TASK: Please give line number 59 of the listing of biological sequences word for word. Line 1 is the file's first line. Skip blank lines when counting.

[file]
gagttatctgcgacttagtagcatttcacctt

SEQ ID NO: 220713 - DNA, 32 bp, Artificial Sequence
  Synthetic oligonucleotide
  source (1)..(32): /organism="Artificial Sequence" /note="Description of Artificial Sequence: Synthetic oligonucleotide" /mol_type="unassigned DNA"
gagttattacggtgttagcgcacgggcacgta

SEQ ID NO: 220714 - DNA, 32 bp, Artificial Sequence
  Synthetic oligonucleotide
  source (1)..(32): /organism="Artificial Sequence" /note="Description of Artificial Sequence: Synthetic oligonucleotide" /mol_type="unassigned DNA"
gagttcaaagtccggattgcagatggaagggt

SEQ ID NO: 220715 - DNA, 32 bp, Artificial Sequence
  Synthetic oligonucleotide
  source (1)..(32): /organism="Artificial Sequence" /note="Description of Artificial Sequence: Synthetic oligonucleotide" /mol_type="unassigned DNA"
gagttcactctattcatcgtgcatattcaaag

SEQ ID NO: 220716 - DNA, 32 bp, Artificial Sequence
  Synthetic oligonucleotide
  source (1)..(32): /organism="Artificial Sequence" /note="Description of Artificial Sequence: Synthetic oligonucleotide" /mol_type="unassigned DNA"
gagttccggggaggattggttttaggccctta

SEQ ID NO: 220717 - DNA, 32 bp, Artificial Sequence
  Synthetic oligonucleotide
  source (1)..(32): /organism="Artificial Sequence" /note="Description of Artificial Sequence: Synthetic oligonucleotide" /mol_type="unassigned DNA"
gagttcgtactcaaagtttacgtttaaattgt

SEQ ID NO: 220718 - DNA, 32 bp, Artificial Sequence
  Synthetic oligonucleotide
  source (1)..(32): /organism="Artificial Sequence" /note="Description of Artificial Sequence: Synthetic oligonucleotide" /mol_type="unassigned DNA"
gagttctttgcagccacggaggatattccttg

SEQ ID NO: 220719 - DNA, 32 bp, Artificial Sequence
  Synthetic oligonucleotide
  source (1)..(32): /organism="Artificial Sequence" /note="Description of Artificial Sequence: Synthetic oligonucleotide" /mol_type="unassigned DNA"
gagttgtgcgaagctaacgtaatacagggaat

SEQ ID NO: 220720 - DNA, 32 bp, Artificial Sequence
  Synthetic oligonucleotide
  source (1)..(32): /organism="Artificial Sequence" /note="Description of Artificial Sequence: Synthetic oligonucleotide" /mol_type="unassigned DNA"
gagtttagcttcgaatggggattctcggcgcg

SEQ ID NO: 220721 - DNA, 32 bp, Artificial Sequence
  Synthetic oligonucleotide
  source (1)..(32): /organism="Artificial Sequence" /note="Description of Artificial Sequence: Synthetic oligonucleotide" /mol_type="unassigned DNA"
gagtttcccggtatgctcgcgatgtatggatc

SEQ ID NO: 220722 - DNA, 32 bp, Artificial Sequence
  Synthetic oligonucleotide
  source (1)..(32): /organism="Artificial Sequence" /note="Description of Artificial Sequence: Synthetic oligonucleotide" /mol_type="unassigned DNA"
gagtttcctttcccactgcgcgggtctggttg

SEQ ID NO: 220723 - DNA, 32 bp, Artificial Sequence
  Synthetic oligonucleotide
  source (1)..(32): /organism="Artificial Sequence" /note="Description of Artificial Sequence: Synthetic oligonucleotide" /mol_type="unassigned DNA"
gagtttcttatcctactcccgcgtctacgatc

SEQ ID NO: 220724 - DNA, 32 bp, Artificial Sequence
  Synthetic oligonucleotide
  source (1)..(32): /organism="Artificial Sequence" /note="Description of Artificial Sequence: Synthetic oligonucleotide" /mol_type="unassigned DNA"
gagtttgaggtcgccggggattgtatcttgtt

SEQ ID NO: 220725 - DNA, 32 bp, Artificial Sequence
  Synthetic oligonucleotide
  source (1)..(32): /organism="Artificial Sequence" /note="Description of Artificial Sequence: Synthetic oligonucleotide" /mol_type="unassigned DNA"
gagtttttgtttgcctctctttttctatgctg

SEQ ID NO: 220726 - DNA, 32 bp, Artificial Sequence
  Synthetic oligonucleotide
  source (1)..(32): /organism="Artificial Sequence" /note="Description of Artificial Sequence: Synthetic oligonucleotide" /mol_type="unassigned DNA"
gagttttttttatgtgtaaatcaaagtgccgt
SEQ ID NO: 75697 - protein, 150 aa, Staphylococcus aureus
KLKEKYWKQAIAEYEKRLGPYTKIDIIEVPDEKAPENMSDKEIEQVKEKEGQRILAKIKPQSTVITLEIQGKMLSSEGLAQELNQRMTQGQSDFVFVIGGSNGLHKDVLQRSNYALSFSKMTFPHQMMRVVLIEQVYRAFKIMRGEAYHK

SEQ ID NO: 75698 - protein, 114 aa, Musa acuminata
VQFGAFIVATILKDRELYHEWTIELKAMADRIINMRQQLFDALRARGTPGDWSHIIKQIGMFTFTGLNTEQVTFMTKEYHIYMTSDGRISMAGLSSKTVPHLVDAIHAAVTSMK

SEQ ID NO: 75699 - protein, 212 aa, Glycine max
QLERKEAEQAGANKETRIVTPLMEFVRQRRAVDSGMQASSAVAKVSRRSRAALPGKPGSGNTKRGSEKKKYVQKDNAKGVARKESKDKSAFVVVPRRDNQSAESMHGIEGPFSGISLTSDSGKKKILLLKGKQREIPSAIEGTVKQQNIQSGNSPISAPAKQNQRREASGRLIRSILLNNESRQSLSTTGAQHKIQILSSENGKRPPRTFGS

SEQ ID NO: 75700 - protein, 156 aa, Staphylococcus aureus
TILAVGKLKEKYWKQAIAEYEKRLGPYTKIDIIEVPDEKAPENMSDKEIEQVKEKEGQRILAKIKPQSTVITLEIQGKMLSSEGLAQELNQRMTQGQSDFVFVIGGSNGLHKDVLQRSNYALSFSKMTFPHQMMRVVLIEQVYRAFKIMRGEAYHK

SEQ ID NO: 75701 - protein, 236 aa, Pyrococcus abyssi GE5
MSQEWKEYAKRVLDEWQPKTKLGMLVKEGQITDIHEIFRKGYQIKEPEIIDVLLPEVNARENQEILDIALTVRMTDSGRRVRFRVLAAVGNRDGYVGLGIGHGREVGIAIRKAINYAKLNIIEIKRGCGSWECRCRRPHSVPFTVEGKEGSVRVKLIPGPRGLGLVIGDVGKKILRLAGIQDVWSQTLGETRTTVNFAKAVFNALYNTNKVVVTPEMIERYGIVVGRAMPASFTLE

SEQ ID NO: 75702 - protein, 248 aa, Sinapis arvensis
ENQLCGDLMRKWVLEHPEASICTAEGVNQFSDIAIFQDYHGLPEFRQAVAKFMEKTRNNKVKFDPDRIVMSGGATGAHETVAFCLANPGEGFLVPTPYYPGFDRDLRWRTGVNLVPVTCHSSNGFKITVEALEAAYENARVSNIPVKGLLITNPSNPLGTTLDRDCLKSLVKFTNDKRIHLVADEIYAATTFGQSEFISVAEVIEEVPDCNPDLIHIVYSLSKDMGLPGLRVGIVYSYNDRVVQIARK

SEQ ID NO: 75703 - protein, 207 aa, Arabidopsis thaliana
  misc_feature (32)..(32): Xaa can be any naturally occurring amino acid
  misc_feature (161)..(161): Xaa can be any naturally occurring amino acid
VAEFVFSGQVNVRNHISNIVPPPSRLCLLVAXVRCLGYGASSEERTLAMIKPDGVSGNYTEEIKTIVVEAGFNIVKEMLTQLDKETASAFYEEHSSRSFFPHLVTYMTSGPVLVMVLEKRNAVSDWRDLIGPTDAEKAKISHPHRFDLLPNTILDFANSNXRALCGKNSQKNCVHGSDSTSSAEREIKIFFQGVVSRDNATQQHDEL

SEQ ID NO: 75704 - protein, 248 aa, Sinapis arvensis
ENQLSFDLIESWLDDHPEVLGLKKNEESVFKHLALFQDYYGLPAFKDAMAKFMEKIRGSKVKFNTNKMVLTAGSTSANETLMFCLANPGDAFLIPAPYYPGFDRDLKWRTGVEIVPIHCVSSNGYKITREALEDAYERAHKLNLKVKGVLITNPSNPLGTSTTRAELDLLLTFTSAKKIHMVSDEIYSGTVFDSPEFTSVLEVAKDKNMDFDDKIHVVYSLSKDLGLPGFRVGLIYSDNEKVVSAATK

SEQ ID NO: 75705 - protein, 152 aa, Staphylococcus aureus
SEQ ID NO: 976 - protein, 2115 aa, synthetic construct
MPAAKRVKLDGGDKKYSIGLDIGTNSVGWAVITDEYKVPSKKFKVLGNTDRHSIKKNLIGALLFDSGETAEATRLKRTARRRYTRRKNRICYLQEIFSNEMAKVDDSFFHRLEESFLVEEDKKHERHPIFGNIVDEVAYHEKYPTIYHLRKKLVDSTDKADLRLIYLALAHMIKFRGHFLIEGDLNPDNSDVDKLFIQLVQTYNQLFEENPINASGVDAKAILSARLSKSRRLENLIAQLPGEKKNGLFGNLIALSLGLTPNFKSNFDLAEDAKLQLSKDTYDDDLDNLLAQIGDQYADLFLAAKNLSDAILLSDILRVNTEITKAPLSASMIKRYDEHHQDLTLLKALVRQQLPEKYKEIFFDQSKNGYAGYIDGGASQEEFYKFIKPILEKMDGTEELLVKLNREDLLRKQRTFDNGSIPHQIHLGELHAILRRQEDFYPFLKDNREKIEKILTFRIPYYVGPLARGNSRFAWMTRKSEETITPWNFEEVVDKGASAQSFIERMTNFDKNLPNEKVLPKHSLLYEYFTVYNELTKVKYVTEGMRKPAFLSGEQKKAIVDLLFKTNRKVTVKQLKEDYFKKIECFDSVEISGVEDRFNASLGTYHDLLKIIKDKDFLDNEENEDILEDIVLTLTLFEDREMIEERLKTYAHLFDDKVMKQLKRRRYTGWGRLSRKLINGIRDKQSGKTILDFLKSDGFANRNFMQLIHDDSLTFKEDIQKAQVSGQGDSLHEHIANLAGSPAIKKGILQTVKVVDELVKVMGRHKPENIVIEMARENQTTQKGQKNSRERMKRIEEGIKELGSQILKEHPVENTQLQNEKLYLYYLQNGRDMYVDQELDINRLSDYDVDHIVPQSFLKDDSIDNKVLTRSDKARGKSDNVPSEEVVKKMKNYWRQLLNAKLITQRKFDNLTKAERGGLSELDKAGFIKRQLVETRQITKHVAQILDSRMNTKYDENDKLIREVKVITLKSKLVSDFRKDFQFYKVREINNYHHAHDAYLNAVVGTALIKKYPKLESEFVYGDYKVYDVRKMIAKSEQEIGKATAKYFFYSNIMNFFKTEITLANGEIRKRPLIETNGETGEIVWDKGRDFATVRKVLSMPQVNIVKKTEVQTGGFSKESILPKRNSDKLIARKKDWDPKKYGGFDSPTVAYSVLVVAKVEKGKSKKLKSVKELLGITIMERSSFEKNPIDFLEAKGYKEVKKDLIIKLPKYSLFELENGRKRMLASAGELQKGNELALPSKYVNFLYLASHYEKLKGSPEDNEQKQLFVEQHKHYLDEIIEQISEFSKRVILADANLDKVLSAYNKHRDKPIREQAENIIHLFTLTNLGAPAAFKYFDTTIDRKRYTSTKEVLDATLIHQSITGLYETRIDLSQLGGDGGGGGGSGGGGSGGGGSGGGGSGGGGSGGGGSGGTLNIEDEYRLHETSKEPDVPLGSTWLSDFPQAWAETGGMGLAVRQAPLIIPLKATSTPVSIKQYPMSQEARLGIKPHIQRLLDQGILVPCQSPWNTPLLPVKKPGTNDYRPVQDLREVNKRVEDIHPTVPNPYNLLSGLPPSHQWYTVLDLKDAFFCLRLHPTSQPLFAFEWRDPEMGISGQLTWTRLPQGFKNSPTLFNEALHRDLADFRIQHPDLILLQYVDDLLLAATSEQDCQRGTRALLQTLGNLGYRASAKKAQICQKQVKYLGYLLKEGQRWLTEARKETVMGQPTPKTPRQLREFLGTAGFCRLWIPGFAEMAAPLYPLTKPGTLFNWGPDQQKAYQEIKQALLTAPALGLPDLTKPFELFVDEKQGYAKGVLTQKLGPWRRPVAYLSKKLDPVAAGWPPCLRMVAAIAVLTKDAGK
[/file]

KLKEKYWKQAIAEYEKRLGPYTKIDIIEVPDEKAPENMSDKEIEQVKEKEGQRILAKIKPQSTVITLEIQGKMLSSEGLAQELNQRMTQGQSDFVFVIGGSNGLHKDVLQRSNYALSFSKMTFPHQMMRVVLIEQVYRAFKIMRGEAYHK